Don't take our word for it: Just ask top open-wheel racecar drivers Christian Fittipaldi, Alex Tagliani or any of the Andrettis who their go-to guy for custom helmet paint is and they'll all answer Michael Savage, owner of Melbourne, Florida's Savage Designs. Savage has painted almost 1000 helmets over the last five years for big-name racers as well as everyday riders who wanted to set off their headgear with some personal style. When we decided to do a custom helmet installment for our "Explained" series, Savage was the first-and only-artist we called.
Artist is the right title for Savage. He got his start in motorsports illustrating high-end, richly detailed racing lithographs (cars and bikes both-check them out at www.savagedesigns.com), and only discovered his talent for painting helmets after doing a one-off job as a favor for his friend Fittipaldi. Soon what seemed like the entire open-wheel paddock was on the phone begging him for paint, and now 80 percent of his business is helmet painting-the vast majority for motorcyclists.
Like any work of art, a proper custom helmet is a collaboration between the painter and the purchaser, Savage says. Usually his customers have a very specific vision of what they want their helmet to look like, but some leave the concept up to him. In that case, he starts asking questions. "I find out what their hobbies are, what they like to do, what their favorite colors are, what they ride... Then I start throwing ideas out and run with whatever they seem to respond to."
Either way, Savage works up a design on paper and has the customer approve this before he even picks up the paint gun-something he says any good painter should do. "The customer should have a 100 percent say in what goes on the helmet since they're wearing it," he says. "I want them to know exactly what they're going to get when they open the box."
Once you've got the right design in mind, the next step is choosing the helmet. Some riders supply Savage with a helmet like we did, sending him a plain white Icon Motorhead to transform; others buy a new helmet directly from him. He'll work either way, and if you do purchase the lid through him he passes any discount he gets directly to the customer: "I want them to have more money to spend on paint," he explains.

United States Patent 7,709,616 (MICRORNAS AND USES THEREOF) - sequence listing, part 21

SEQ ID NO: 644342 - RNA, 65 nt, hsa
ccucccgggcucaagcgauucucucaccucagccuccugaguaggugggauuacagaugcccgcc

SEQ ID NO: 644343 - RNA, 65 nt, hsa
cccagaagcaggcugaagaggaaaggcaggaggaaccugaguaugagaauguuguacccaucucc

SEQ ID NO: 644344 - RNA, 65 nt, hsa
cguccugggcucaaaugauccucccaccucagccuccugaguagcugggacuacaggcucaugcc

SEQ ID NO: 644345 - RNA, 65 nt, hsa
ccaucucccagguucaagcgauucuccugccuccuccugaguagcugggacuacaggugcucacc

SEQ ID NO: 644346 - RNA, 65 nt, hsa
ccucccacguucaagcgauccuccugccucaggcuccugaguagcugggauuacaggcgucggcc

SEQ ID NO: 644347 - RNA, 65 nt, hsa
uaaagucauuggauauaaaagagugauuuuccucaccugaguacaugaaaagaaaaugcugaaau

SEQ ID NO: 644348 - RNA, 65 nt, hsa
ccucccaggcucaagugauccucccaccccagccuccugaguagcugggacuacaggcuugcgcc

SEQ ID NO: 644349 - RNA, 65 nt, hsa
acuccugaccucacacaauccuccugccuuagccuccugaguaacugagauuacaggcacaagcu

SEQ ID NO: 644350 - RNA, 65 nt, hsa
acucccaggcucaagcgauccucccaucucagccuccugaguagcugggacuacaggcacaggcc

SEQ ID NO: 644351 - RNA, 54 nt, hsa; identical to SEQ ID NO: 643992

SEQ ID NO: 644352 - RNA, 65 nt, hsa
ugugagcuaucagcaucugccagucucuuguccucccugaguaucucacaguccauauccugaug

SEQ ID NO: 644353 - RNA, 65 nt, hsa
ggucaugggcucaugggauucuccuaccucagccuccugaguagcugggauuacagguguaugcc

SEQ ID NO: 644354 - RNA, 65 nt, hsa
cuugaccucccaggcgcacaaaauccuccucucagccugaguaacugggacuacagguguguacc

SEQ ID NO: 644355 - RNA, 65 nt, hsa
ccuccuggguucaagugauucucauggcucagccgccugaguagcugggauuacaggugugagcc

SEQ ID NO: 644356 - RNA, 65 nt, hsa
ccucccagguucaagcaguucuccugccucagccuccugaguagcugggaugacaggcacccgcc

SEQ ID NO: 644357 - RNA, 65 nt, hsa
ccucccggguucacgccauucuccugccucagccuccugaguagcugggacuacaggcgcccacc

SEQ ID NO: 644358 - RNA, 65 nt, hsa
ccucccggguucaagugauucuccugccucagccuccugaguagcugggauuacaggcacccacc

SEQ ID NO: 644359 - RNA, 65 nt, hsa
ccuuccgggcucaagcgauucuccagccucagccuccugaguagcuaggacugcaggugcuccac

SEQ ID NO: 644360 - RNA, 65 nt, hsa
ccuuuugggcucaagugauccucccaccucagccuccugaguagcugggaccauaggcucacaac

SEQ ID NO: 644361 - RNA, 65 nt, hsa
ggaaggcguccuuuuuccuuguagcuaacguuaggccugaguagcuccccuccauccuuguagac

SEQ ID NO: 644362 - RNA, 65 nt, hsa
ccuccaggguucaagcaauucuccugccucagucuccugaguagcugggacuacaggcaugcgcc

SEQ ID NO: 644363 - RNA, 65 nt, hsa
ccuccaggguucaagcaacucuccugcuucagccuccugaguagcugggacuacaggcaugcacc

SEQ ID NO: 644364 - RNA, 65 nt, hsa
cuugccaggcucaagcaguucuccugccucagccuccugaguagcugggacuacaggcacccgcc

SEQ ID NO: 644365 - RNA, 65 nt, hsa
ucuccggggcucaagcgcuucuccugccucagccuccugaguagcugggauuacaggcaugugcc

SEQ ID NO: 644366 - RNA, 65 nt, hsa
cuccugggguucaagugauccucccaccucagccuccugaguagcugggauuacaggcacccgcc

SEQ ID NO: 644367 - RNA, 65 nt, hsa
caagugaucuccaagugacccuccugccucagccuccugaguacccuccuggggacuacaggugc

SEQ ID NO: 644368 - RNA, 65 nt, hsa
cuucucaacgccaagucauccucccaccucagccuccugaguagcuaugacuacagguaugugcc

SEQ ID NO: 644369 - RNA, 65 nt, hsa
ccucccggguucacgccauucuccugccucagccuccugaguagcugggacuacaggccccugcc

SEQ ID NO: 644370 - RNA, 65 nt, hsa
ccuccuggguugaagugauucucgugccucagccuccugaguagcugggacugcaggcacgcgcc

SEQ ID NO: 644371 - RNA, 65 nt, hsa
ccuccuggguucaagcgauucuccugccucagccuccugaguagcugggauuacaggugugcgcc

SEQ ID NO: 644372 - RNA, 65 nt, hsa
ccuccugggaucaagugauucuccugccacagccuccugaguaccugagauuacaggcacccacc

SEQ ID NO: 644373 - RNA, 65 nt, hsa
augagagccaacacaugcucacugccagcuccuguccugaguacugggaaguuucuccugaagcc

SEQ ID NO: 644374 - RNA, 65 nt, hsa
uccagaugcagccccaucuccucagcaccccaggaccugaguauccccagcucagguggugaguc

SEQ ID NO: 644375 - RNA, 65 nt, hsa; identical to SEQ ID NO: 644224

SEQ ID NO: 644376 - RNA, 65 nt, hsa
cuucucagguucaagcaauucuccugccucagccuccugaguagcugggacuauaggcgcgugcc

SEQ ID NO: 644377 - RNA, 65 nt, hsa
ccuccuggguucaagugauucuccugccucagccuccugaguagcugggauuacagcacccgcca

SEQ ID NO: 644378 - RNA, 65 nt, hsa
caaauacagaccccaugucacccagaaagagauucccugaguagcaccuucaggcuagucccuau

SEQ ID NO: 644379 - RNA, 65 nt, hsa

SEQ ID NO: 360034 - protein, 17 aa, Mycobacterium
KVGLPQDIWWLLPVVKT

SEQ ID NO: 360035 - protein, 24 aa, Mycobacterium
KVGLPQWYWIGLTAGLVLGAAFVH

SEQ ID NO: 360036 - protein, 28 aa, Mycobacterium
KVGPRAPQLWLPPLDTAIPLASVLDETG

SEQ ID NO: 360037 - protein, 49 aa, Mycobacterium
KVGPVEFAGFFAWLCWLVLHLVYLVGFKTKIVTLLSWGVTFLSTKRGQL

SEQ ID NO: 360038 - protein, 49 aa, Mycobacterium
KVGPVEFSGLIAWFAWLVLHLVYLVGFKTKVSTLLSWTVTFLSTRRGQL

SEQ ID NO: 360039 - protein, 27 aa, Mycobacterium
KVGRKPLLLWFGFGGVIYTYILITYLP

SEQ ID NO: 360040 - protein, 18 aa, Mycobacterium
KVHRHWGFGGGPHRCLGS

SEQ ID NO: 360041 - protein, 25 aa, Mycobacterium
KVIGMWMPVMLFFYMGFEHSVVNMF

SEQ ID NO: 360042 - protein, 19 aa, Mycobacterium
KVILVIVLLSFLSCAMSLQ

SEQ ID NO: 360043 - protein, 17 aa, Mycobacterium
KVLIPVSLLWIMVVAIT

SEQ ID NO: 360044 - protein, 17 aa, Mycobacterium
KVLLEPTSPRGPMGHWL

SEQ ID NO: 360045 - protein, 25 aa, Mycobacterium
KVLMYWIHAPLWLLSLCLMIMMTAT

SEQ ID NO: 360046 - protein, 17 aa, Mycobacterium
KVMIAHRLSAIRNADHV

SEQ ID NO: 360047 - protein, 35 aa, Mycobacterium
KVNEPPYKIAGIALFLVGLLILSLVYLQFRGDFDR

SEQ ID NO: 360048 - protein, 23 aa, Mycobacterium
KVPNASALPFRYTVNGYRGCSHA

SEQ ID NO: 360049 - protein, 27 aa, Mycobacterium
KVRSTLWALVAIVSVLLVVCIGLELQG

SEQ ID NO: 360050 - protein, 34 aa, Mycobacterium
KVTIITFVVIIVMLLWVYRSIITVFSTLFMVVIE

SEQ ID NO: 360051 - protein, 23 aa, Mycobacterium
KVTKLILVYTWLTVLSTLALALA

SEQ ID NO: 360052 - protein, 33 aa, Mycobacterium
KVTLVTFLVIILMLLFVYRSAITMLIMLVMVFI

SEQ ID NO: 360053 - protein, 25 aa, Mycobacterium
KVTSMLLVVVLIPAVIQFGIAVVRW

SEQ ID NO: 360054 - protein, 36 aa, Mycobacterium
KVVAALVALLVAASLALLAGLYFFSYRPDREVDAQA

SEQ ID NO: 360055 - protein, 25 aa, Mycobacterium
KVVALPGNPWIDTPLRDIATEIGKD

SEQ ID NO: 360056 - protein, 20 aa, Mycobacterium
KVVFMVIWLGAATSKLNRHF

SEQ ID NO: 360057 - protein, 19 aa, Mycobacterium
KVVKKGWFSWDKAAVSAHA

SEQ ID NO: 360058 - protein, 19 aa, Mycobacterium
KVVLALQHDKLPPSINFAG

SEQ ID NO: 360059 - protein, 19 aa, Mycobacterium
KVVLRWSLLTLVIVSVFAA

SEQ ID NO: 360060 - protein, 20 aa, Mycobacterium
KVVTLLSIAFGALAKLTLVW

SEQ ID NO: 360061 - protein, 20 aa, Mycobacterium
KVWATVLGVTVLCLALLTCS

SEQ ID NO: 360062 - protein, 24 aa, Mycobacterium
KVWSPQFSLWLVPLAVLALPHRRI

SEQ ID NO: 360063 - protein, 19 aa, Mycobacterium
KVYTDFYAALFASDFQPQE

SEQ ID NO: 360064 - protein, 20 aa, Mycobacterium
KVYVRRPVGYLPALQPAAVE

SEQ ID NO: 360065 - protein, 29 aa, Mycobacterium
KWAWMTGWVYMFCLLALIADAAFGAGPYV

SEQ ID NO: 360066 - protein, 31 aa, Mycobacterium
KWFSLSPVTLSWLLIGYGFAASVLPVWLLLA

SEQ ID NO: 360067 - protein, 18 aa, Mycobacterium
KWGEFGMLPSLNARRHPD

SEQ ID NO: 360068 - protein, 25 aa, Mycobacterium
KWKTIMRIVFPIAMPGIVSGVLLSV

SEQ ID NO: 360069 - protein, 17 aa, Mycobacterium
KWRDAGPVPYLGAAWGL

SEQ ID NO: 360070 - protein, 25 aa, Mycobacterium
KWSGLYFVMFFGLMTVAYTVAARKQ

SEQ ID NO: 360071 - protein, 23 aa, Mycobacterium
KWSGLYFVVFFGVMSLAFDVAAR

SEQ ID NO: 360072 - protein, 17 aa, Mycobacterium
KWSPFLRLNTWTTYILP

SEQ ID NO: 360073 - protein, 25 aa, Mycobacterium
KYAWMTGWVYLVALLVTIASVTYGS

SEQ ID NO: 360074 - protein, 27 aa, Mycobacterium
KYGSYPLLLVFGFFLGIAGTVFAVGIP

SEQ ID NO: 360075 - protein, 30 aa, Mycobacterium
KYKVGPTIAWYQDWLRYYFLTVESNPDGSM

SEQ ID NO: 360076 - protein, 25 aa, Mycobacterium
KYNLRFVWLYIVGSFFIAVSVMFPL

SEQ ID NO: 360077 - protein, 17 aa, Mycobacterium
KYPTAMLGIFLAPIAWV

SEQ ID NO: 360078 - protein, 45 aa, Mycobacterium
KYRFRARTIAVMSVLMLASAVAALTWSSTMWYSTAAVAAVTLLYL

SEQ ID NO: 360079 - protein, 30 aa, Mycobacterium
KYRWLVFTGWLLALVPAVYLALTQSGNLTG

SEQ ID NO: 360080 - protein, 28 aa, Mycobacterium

Savage suggests starting with a solid-color helmet if at all possible. "Helmet graphics are almost always vinyl," he explains, "and in the sun vinyl will expand and contract differently than clearcoat does, which will cause spider-web cracks. Solid-color helmets eliminate that problem and give a nice firm base for the paint to adhere to without any other colors to bleed through."
What sets a great paint job apart? It starts with meticulous surface preparation. "Good prep is key," Savage says. "You can use the best paint in the world, and if you don't prep the helmet right it's going to turn out crummy. You don't build a house on a swamp, do you?"
Savage begins by disassembling the helmet, removing all the gaskets, visor hardware and interior lining. The only thing he doesn't touch is the protective EPS (expanded polystyrene) liner: "I don't play with that-I don't want to mess up the helmet warranty," he says. Then he wet-sands the shell with 600-grit wet/dry sandpaper to give the surface some "tooth" for the new paint to adhere to. Savage almost never uses primer on his helmets because it is too thick, he says, and hardware often won't fit when you reassemble a helmet that has been primed.
The final step before applying paint is cleaning the helmet once more using a wax and grease remover to pull any oils off the surface. "Even sanding with water, your fingers still leave behind oils," Savage says, "and any oil on the surface will produce fish eyes."